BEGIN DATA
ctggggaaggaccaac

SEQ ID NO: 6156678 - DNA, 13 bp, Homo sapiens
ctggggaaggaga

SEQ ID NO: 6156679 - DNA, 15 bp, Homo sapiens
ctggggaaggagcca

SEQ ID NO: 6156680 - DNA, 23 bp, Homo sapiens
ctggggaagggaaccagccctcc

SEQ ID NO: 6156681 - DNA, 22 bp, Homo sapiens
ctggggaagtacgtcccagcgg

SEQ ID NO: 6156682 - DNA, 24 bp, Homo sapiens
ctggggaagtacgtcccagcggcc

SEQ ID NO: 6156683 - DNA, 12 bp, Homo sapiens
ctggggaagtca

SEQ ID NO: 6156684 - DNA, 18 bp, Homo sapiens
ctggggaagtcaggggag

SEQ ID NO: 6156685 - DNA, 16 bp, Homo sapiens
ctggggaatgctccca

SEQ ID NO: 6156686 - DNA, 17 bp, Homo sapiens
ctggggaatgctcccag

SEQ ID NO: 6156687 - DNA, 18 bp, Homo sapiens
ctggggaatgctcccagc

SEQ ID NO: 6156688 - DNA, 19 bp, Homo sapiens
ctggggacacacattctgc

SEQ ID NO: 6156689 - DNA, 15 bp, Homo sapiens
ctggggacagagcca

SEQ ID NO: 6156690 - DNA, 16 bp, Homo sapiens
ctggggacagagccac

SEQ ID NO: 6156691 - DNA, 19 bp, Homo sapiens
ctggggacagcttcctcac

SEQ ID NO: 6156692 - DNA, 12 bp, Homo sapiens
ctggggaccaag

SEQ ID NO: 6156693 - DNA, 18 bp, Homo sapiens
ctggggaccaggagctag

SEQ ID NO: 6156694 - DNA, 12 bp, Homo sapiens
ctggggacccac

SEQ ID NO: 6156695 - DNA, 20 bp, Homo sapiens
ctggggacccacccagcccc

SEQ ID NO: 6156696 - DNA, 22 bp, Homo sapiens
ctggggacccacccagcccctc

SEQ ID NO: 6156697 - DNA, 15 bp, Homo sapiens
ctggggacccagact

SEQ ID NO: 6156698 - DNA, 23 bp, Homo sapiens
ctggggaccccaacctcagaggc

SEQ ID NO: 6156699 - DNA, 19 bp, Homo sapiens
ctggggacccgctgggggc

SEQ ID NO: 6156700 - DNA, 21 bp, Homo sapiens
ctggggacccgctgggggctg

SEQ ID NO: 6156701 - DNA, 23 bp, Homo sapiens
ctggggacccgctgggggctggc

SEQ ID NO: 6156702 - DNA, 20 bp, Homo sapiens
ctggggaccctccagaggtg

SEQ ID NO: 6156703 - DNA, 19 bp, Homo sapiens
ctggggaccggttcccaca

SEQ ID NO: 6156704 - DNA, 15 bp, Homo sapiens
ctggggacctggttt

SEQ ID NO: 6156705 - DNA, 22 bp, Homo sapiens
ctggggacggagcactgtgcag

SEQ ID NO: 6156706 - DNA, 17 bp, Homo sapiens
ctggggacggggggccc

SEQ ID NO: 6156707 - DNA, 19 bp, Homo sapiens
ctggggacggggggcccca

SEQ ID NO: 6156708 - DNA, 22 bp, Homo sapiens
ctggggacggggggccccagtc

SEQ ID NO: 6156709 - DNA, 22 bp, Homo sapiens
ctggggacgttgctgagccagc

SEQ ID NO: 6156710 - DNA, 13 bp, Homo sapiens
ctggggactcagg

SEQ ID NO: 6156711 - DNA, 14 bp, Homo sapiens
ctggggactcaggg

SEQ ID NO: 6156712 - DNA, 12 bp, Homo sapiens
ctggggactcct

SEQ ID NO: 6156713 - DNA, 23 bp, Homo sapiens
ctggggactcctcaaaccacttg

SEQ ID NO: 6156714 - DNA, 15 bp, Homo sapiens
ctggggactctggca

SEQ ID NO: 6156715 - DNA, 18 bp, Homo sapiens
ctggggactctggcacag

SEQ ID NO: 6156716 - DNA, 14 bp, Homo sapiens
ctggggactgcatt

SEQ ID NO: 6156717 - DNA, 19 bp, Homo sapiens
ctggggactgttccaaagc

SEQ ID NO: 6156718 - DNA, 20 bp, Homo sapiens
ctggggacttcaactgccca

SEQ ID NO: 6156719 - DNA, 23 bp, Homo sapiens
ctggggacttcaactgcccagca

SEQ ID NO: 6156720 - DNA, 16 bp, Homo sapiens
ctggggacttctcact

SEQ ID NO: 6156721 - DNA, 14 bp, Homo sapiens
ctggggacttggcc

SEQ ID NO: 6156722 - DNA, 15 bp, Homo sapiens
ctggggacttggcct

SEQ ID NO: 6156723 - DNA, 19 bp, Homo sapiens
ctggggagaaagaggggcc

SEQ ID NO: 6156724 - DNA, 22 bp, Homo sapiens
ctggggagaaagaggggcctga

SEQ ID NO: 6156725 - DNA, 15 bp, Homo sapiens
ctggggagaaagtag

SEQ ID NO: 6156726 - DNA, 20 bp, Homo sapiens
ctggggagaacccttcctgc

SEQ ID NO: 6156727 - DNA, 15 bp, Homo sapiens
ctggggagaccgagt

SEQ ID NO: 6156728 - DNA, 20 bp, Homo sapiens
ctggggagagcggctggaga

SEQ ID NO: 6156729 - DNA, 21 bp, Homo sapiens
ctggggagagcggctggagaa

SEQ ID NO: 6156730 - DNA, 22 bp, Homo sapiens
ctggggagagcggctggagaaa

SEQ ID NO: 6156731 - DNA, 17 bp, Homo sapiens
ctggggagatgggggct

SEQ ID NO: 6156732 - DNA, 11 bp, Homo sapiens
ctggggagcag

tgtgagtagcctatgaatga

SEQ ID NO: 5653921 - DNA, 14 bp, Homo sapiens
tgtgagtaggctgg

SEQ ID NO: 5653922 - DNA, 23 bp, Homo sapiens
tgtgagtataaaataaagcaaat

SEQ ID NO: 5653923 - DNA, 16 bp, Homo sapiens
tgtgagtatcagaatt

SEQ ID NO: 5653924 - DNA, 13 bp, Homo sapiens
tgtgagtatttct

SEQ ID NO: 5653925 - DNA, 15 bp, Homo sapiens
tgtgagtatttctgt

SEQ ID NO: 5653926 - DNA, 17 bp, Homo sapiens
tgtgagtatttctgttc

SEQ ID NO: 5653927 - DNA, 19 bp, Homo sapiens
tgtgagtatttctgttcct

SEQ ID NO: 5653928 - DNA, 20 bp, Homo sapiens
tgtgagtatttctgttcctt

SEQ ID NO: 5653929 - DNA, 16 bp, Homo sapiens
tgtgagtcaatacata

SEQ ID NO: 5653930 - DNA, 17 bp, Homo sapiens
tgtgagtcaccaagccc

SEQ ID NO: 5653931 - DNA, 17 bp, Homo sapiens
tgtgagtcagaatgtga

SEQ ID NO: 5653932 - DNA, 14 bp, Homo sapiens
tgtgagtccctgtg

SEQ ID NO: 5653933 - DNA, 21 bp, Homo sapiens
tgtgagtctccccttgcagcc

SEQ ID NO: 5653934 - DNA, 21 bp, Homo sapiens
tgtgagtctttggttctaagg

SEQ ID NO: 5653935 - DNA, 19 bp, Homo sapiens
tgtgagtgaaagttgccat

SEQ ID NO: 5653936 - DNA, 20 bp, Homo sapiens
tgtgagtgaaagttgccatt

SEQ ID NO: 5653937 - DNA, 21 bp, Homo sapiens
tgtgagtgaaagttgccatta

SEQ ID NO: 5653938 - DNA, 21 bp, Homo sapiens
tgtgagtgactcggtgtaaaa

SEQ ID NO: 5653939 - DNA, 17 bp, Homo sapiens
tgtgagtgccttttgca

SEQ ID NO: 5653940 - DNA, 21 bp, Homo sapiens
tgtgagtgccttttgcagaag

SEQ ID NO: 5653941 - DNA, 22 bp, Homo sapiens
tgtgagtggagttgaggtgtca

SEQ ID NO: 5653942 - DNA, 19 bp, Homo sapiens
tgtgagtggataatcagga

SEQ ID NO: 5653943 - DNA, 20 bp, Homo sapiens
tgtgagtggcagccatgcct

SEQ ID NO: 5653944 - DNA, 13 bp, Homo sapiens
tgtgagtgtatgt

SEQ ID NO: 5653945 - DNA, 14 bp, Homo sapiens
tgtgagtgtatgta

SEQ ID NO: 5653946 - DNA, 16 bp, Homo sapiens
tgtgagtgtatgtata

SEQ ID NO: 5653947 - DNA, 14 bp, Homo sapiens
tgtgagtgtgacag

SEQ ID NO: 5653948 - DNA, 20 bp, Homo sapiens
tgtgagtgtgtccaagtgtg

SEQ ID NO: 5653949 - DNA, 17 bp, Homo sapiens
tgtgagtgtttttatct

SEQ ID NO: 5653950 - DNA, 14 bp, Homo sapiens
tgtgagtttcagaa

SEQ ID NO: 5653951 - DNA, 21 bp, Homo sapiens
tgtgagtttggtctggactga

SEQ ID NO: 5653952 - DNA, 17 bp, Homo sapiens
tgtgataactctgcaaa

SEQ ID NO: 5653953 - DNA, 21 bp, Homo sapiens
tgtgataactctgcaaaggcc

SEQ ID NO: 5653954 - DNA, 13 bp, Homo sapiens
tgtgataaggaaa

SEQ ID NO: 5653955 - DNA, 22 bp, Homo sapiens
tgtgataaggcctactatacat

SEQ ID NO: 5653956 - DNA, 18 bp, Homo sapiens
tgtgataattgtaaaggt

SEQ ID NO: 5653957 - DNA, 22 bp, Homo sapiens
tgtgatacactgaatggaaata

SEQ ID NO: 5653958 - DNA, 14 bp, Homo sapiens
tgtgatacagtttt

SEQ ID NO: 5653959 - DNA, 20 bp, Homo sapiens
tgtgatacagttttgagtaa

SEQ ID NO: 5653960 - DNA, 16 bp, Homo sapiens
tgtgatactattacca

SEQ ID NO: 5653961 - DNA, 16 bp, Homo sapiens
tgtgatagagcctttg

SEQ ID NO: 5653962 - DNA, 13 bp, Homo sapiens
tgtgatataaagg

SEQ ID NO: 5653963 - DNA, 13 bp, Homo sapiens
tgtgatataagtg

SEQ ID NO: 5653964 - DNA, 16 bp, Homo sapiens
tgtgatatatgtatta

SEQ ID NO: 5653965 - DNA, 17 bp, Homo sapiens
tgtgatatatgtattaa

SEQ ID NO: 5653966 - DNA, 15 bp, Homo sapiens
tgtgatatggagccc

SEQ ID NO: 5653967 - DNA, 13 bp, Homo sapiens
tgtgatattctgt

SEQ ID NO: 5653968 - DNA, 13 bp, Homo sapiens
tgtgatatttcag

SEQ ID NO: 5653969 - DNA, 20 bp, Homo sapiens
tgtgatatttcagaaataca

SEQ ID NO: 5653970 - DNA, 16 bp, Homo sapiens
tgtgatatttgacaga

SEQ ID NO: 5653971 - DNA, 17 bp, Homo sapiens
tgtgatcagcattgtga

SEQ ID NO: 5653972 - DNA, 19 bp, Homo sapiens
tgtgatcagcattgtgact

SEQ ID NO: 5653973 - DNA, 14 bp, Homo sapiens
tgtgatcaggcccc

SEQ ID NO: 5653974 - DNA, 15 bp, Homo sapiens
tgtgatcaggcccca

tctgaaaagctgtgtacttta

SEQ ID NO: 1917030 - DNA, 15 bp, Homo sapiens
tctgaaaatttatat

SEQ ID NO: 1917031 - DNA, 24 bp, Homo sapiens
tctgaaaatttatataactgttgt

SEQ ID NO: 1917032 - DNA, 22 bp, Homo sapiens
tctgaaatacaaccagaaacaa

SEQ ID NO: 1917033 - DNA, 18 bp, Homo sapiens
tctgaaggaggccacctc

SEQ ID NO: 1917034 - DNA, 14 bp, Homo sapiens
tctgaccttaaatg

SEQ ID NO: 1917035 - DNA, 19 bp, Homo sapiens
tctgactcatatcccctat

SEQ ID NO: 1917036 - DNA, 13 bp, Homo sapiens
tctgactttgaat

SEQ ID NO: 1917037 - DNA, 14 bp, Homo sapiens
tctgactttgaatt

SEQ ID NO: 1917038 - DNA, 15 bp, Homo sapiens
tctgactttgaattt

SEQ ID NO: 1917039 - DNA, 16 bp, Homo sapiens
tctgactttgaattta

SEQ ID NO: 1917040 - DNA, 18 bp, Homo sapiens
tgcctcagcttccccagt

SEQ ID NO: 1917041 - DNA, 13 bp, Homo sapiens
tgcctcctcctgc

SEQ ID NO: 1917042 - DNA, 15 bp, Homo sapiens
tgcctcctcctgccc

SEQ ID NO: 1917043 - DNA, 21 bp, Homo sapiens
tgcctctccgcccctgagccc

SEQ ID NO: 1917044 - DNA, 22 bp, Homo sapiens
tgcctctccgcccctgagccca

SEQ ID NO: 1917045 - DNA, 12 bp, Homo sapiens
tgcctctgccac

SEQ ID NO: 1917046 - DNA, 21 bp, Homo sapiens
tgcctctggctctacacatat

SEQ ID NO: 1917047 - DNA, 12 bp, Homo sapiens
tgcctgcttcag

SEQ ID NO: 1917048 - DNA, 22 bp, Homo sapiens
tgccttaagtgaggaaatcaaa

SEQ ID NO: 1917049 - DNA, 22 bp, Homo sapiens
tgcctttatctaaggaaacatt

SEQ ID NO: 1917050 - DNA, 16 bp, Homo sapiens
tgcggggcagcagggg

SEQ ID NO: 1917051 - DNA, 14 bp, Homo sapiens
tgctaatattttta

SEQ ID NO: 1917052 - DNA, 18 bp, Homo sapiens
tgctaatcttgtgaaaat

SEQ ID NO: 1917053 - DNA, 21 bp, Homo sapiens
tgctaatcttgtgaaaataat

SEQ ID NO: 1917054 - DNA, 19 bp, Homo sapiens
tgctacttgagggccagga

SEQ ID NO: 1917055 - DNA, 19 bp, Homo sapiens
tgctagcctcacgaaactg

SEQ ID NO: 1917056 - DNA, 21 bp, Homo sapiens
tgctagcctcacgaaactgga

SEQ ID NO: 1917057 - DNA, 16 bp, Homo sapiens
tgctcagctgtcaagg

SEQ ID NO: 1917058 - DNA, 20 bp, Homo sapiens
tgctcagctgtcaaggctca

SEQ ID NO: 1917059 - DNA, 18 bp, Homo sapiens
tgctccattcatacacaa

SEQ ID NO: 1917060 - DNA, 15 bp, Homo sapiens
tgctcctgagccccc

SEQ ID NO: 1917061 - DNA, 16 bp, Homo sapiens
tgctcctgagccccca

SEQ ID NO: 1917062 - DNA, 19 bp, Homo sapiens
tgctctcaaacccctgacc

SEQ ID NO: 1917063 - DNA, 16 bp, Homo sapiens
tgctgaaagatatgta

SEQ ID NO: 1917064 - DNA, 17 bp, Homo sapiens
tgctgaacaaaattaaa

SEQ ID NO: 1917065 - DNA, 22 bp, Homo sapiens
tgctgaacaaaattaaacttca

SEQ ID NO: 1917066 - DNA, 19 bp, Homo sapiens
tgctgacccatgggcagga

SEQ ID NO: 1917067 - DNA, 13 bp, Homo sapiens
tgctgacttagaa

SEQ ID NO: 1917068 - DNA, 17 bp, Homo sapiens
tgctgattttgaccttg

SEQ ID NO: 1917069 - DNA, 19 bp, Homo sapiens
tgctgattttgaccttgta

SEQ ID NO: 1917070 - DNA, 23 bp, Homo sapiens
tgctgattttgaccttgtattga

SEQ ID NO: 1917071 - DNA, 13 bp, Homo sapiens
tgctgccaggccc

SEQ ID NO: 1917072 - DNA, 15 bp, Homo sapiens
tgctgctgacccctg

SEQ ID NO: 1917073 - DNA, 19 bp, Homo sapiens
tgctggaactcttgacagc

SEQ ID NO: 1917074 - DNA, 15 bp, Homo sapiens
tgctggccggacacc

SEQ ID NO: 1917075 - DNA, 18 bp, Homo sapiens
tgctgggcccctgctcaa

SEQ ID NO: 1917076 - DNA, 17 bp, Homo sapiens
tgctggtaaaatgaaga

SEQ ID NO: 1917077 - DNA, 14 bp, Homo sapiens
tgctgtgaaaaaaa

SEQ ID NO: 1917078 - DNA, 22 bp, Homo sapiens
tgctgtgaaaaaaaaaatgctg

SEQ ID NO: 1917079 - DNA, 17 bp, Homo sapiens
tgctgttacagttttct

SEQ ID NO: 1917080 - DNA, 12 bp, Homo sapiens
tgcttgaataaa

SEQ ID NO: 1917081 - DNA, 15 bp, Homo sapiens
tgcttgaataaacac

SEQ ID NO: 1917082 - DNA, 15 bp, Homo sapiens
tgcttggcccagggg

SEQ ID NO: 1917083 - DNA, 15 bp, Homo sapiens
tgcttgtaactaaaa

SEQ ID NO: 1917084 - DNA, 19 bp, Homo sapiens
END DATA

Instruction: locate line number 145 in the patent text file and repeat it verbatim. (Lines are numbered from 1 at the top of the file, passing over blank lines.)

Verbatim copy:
SEQ ID NO: 5653937 - DNA, 21 bp, Homo sapiens